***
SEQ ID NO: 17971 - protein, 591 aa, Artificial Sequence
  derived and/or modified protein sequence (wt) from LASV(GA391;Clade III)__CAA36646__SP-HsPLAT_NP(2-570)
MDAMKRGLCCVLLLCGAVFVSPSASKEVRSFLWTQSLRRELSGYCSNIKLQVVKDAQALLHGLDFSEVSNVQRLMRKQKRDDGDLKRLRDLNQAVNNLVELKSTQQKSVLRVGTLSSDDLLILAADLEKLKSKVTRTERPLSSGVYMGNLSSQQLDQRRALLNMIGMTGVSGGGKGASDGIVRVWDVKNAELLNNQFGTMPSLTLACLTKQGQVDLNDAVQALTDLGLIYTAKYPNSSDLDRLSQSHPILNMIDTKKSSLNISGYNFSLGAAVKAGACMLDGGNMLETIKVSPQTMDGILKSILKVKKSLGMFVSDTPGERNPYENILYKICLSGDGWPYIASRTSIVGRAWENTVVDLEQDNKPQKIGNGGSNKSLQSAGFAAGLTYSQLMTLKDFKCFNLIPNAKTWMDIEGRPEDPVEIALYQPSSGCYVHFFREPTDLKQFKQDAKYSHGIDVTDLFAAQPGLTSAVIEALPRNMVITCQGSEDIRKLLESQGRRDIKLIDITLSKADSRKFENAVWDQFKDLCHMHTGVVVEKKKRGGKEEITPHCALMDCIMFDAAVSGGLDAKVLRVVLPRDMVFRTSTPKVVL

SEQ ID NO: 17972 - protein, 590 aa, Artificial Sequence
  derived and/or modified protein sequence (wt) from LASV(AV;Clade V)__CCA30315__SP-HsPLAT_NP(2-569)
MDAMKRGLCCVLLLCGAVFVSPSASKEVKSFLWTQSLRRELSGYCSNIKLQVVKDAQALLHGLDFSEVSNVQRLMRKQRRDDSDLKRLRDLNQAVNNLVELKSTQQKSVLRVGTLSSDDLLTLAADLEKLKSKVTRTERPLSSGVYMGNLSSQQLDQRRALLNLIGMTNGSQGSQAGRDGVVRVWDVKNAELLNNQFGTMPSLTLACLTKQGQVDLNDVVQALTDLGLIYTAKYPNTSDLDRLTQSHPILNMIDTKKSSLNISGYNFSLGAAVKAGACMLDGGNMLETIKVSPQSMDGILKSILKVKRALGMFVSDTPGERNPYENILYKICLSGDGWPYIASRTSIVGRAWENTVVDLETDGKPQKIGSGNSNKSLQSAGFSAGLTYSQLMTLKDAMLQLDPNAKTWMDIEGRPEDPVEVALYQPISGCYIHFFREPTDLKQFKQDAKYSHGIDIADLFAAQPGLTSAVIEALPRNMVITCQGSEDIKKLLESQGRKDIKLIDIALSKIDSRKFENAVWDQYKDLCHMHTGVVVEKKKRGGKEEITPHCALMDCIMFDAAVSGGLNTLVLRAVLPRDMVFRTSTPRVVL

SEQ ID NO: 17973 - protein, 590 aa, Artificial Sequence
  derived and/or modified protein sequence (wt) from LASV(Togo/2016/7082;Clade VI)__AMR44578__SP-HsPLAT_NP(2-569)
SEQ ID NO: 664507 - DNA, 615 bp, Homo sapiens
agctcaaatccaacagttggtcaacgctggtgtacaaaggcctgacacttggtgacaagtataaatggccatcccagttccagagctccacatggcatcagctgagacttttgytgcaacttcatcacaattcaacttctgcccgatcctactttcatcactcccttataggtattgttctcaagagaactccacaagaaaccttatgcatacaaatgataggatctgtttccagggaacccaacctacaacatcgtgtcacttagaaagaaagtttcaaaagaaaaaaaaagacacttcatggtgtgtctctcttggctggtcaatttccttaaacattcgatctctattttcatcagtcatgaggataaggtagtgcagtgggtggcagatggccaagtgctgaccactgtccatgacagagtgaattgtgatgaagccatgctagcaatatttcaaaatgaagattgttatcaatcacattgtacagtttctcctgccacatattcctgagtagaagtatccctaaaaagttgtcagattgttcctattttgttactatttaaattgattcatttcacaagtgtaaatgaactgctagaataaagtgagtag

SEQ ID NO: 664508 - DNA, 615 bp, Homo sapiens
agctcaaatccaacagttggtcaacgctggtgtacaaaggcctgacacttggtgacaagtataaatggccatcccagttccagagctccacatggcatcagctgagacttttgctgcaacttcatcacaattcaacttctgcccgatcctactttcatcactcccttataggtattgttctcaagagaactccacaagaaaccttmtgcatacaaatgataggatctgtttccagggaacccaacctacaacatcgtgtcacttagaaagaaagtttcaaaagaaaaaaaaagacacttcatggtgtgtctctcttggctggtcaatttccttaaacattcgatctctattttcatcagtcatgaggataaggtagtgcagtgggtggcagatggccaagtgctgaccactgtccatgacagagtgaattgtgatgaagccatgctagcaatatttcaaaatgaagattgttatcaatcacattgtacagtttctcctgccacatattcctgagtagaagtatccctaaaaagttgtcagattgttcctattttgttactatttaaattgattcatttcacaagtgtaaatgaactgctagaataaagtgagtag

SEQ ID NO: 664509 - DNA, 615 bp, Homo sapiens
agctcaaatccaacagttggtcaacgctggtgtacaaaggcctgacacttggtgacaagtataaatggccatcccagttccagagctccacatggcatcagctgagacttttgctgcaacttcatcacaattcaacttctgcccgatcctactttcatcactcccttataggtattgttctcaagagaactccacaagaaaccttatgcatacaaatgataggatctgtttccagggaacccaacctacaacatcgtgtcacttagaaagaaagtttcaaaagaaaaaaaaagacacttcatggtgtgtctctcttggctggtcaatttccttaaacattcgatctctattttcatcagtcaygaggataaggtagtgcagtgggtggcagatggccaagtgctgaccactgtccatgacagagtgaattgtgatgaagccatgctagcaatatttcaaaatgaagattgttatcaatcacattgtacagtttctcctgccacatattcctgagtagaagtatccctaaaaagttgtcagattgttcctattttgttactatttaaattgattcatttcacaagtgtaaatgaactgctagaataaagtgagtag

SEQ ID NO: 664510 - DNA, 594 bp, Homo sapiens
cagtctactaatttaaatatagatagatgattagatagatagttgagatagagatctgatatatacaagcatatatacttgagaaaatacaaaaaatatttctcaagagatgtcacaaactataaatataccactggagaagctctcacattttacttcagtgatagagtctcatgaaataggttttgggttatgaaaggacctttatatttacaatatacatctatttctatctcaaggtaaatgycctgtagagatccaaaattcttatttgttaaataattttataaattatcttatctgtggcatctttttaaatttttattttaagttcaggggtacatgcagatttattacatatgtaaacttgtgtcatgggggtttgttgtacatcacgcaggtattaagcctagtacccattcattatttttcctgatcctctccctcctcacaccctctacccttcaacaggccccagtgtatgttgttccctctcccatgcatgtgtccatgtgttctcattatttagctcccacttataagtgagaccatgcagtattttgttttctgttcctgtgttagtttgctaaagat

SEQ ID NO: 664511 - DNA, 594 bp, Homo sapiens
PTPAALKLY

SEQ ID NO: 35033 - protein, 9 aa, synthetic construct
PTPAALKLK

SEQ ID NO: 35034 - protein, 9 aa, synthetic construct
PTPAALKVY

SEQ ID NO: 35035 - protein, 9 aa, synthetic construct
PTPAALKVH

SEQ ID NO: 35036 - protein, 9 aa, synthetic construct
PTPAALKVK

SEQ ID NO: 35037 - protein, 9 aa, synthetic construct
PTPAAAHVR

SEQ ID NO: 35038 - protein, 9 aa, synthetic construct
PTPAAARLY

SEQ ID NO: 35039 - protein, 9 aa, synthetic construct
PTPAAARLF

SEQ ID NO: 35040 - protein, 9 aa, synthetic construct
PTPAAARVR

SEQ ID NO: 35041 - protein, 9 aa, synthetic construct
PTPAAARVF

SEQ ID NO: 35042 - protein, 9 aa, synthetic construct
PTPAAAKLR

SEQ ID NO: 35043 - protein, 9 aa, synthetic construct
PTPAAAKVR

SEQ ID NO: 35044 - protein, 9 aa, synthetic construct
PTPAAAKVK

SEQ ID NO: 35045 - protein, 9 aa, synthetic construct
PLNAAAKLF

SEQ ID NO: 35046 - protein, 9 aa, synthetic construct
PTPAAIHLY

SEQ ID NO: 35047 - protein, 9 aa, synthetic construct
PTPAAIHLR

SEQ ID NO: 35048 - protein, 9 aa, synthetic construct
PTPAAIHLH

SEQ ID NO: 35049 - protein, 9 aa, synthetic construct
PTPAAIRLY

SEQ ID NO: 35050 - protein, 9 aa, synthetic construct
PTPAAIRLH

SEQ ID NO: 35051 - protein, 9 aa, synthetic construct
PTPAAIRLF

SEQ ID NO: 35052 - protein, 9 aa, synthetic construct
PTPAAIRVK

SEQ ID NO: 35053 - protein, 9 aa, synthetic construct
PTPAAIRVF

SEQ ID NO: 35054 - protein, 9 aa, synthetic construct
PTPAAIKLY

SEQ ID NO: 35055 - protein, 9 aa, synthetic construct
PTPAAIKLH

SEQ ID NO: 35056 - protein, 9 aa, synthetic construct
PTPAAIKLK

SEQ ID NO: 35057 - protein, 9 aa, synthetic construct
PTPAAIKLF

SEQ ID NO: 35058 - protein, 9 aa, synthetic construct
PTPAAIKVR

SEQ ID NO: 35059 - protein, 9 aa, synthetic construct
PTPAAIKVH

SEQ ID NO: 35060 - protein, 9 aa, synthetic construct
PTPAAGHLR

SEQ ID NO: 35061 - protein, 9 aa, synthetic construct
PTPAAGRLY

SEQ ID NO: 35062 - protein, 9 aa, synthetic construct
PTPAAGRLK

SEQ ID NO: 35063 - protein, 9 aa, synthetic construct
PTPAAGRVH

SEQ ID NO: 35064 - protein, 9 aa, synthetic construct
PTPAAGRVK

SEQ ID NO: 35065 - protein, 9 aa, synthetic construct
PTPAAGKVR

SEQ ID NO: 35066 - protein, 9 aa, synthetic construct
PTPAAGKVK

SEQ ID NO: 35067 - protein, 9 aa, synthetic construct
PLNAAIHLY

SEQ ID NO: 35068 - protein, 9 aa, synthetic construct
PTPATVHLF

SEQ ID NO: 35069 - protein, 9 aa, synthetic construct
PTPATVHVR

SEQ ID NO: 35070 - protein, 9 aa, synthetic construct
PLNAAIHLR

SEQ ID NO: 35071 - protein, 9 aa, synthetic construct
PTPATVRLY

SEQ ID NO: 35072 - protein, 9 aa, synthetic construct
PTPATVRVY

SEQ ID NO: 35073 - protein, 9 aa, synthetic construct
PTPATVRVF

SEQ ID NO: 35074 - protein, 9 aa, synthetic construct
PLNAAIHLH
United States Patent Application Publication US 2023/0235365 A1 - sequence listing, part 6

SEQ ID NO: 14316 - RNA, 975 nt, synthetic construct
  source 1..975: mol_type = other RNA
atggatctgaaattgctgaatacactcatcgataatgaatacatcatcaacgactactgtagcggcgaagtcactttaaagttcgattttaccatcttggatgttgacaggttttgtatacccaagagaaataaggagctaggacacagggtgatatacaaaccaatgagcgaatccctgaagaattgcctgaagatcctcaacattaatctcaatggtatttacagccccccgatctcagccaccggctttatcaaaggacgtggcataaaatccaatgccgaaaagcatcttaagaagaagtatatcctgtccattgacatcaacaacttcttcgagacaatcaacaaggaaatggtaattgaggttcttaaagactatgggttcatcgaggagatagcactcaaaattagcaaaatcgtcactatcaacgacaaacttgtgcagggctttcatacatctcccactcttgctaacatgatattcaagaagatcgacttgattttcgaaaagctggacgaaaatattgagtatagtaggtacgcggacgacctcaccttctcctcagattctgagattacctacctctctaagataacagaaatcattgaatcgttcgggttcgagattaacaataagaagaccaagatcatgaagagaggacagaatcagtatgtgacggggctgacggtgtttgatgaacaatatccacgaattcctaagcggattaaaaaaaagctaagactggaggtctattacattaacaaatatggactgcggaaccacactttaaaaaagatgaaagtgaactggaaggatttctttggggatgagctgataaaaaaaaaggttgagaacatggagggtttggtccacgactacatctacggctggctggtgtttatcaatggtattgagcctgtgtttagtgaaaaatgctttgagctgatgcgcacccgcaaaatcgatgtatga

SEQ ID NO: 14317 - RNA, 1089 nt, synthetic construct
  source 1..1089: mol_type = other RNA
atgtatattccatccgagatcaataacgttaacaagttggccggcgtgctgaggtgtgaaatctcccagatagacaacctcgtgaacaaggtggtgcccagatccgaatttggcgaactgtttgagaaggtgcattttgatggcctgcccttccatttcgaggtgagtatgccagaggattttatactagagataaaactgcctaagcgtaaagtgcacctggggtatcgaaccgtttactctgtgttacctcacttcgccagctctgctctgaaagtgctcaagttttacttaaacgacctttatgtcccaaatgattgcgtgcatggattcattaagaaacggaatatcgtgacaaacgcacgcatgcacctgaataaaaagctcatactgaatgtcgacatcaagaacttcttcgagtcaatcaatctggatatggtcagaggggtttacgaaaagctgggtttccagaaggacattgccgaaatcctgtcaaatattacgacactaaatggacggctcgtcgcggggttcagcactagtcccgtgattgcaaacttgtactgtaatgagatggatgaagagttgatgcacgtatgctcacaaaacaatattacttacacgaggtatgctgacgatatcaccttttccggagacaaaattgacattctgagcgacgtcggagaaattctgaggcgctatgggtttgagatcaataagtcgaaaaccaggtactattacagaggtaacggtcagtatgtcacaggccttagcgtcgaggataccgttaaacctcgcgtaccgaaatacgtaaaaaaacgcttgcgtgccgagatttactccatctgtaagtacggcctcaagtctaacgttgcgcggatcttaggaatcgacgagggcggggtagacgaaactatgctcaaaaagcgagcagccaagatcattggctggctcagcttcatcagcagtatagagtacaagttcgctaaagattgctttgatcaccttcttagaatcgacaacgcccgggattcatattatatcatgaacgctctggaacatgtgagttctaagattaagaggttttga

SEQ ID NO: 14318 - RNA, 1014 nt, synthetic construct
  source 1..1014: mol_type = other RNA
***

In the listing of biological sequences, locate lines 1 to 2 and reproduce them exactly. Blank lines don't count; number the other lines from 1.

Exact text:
SEQ ID NO: 17971 - protein, 591 aa, Artificial Sequence
  derived and/or modified protein sequence (wt) from LASV(GA391;Clade III)__CAA36646__SP-HsPLAT_NP(2-570)